Commentary by Hank F. Miller Jr.
The flip-side of Japan's ever aging population is that there are increasingly fewer kids. Record-low statistics from the 2006 put the birth rate at 1.26 children per woman, a count that somehow sound painful-but the real hurt is the one being put on Japanese society.
Pain, in a national sense, is always best expressed in money. In this case, as Japan fades from a Grumpy Old Men-present to a Children of man-like tomorrow, the question is who's going to pay for the transition? Forget the pitter-patter of little feet. Oh, for the jingle-jingle of the future tax payers!
And with them a fresh wave of young couples pregnant with the desire for mortgages. Plus an influx of new teens shameless in their lust for more and more consumer goods. Money seems to talk and it clearly says that Japan's troubles with a top-heavy population have only just begun-a forceful statement that this past January prompted former health minister Hakuo Yanagisawa to exhort more women to get pregnant can you believe this, and dubbing them "birth-giving machines" in the process.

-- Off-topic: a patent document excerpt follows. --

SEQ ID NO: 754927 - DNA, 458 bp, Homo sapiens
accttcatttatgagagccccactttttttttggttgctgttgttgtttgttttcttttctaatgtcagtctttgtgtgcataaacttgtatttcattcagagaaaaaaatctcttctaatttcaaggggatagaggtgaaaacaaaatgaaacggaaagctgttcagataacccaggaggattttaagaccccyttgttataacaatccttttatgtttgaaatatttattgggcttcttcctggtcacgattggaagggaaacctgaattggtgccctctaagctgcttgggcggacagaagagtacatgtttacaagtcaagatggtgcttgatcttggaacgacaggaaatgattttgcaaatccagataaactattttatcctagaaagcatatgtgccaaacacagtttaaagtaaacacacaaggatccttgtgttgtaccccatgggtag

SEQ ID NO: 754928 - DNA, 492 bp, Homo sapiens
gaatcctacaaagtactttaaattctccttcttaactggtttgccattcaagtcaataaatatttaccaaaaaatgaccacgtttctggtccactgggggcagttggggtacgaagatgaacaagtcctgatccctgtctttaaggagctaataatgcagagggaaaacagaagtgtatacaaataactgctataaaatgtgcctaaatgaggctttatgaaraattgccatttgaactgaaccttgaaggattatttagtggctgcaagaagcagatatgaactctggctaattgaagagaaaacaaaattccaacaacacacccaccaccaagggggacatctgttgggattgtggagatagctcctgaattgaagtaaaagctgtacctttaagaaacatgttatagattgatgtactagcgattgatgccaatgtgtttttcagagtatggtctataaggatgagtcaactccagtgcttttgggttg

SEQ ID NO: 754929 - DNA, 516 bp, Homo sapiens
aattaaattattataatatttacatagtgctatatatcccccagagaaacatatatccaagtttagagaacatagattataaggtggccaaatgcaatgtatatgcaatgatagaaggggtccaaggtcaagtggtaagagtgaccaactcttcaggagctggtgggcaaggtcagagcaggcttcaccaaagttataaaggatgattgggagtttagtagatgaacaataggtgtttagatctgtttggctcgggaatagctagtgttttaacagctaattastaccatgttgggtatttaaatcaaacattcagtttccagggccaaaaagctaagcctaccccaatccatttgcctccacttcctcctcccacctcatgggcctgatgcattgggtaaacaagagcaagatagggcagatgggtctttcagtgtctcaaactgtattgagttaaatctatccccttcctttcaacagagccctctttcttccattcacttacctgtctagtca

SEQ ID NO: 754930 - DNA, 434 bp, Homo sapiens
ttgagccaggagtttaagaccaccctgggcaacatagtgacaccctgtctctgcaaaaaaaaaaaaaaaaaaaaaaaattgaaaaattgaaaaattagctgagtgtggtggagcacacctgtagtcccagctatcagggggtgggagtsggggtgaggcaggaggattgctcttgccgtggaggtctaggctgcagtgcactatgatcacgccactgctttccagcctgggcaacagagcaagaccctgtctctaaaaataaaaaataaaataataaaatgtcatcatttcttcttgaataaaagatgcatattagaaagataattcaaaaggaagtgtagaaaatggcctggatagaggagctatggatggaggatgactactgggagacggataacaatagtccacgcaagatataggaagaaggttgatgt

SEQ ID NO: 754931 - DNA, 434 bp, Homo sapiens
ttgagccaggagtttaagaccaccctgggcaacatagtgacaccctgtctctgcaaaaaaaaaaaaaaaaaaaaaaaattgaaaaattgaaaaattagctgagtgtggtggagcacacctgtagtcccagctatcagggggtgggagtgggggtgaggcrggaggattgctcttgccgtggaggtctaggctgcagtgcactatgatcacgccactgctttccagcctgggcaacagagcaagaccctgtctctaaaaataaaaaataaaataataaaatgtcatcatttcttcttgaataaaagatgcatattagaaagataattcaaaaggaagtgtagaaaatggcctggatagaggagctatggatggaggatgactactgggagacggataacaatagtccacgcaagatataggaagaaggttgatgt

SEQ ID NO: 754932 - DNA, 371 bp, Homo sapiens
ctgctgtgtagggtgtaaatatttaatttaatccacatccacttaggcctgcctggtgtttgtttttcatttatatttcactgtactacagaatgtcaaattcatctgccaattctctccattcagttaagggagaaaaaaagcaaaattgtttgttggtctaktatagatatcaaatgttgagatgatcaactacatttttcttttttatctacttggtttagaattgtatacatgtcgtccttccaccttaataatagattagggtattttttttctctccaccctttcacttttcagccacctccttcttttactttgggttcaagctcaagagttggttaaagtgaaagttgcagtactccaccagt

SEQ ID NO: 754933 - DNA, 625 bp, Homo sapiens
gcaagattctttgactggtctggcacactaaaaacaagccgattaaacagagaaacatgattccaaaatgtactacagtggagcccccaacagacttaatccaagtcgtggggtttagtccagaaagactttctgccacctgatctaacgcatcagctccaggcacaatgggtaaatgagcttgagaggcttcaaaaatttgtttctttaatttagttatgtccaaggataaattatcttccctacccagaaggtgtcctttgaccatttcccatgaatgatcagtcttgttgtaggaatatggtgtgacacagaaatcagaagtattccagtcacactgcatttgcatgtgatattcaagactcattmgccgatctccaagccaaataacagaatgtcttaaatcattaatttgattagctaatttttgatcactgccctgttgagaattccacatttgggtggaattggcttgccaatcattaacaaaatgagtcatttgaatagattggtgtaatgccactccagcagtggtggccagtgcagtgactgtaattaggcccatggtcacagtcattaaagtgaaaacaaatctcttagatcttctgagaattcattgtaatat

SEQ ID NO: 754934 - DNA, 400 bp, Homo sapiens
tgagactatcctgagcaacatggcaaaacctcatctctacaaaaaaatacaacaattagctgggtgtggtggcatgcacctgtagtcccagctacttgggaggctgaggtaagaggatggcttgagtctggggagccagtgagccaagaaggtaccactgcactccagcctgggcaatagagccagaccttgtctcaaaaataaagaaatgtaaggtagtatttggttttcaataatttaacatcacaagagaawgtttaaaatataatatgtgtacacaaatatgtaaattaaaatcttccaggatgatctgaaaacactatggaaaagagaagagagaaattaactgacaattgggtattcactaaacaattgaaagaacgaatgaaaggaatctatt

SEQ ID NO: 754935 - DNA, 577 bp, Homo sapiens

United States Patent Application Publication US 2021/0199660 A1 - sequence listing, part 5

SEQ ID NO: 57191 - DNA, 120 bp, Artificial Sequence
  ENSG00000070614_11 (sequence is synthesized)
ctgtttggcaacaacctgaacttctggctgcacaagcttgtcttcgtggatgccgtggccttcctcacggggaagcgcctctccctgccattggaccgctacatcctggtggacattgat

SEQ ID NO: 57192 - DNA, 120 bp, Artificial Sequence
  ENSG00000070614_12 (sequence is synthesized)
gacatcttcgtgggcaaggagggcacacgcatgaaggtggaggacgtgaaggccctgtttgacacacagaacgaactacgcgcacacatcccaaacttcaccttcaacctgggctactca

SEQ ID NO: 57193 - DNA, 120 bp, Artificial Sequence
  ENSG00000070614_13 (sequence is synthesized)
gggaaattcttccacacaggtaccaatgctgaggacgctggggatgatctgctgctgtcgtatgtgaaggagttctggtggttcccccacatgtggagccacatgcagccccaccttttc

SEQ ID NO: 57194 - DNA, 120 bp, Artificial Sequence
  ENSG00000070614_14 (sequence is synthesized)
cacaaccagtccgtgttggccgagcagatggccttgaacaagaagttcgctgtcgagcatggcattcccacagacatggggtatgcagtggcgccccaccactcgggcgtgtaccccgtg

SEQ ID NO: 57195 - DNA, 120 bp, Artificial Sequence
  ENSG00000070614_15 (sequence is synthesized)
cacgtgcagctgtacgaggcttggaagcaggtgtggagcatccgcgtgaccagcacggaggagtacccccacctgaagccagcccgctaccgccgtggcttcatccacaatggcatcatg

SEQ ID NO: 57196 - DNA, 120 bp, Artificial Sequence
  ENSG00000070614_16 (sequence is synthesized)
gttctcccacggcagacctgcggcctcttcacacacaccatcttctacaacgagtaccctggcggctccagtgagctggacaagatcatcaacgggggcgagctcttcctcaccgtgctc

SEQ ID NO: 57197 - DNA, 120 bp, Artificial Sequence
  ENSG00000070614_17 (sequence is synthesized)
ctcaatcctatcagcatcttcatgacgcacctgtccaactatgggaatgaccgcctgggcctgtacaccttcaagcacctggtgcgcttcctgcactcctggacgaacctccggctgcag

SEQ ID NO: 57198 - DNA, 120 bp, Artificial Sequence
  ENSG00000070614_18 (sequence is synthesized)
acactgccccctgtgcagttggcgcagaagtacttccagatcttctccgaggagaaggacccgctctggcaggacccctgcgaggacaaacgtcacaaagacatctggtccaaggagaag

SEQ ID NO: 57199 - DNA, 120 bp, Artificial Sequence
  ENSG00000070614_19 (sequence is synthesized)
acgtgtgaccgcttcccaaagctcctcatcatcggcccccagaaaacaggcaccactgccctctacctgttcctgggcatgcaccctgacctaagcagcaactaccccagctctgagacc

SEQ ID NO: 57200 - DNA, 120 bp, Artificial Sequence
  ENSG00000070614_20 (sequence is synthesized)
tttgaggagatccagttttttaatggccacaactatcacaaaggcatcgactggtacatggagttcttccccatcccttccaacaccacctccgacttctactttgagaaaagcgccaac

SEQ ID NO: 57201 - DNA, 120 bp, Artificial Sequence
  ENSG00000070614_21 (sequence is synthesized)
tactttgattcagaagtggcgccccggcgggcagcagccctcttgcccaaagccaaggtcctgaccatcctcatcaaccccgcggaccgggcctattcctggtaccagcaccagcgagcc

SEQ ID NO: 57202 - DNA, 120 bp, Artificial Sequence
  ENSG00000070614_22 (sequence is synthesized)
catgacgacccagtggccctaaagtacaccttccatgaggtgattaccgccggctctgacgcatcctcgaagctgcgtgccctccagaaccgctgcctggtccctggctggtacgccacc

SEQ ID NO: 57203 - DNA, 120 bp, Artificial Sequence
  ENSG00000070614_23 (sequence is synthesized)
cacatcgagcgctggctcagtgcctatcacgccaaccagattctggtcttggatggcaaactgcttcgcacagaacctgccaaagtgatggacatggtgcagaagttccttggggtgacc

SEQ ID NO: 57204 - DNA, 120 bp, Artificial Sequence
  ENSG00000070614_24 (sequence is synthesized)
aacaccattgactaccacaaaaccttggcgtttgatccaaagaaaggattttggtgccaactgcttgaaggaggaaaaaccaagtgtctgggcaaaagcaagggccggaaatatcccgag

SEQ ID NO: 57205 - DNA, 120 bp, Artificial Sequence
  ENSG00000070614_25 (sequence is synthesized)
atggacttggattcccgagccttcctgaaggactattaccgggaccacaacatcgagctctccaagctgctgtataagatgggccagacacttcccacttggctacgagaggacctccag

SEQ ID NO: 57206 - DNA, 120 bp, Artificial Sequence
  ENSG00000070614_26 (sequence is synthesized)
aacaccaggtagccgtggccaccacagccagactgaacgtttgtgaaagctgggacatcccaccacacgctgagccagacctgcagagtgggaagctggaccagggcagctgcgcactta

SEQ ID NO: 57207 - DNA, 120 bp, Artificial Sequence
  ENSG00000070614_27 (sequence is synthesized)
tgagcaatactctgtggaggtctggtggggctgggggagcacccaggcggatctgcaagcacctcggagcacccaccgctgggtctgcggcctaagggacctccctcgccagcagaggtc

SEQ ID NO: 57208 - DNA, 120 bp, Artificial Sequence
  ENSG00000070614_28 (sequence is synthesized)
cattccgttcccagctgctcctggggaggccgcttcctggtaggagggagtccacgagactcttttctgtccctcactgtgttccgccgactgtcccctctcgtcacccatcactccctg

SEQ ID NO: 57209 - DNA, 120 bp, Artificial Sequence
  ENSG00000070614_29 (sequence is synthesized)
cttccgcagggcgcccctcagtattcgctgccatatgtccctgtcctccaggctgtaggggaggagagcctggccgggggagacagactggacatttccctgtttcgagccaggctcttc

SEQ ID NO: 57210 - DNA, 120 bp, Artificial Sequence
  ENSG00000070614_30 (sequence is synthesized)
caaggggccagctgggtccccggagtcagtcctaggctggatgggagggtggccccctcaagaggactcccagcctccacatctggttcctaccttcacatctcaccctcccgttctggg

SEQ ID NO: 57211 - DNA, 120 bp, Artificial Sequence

Yanagisawa took quite a lot of flak for that beauty of a remark, riling exactly 50 percent of the voters, plus.
His choice of increased quantity, perhaps what Japan really needs is much better quality.
Personally, I have only one feeling for future generations and the financial burden they will have to bear for the graying of Japanese society, and it is not a pity. My lack of compassion is tied to the fact that I am now on the other side of the line. Every single day I contribute a bit more to the aging of the population. Yet, my feeling has nothing to do with wanting the young to guarantee me a soft landing. No, the emotion I have for them is merely this: envy. I'd trade my years for financial hurdles any day.
Especially these young. Because for them the expression," Youth will be served" is going to be magnified several times over. Here in Japan we can already see this in a variety of little ways. Take universities and colleges, for example. Schools are already scrambling for the shrinking number of students, with many institutions fearful for their survival.
Set aside the thought that might be just the happy medicine English teaching here needs. Forget, too, that I myself went to school in a different country at a different time. I would have much rather leaned back and absorbed the cultural content of "The Simpsons." Only in my days back in Gloucester City NJ, it would have been "Green Acres."So the current youth is getting a bargain-with more on the way.
But we're not getting any younger either so we'd better take a good look around before our bifocals grow too thick. For out times they are fading. It's a young man's world and it always has been. In Japan there is just more of it now for the young to have.
Warm Regards from Kitakyushu City, Japan.
Hank F. Miller Jr.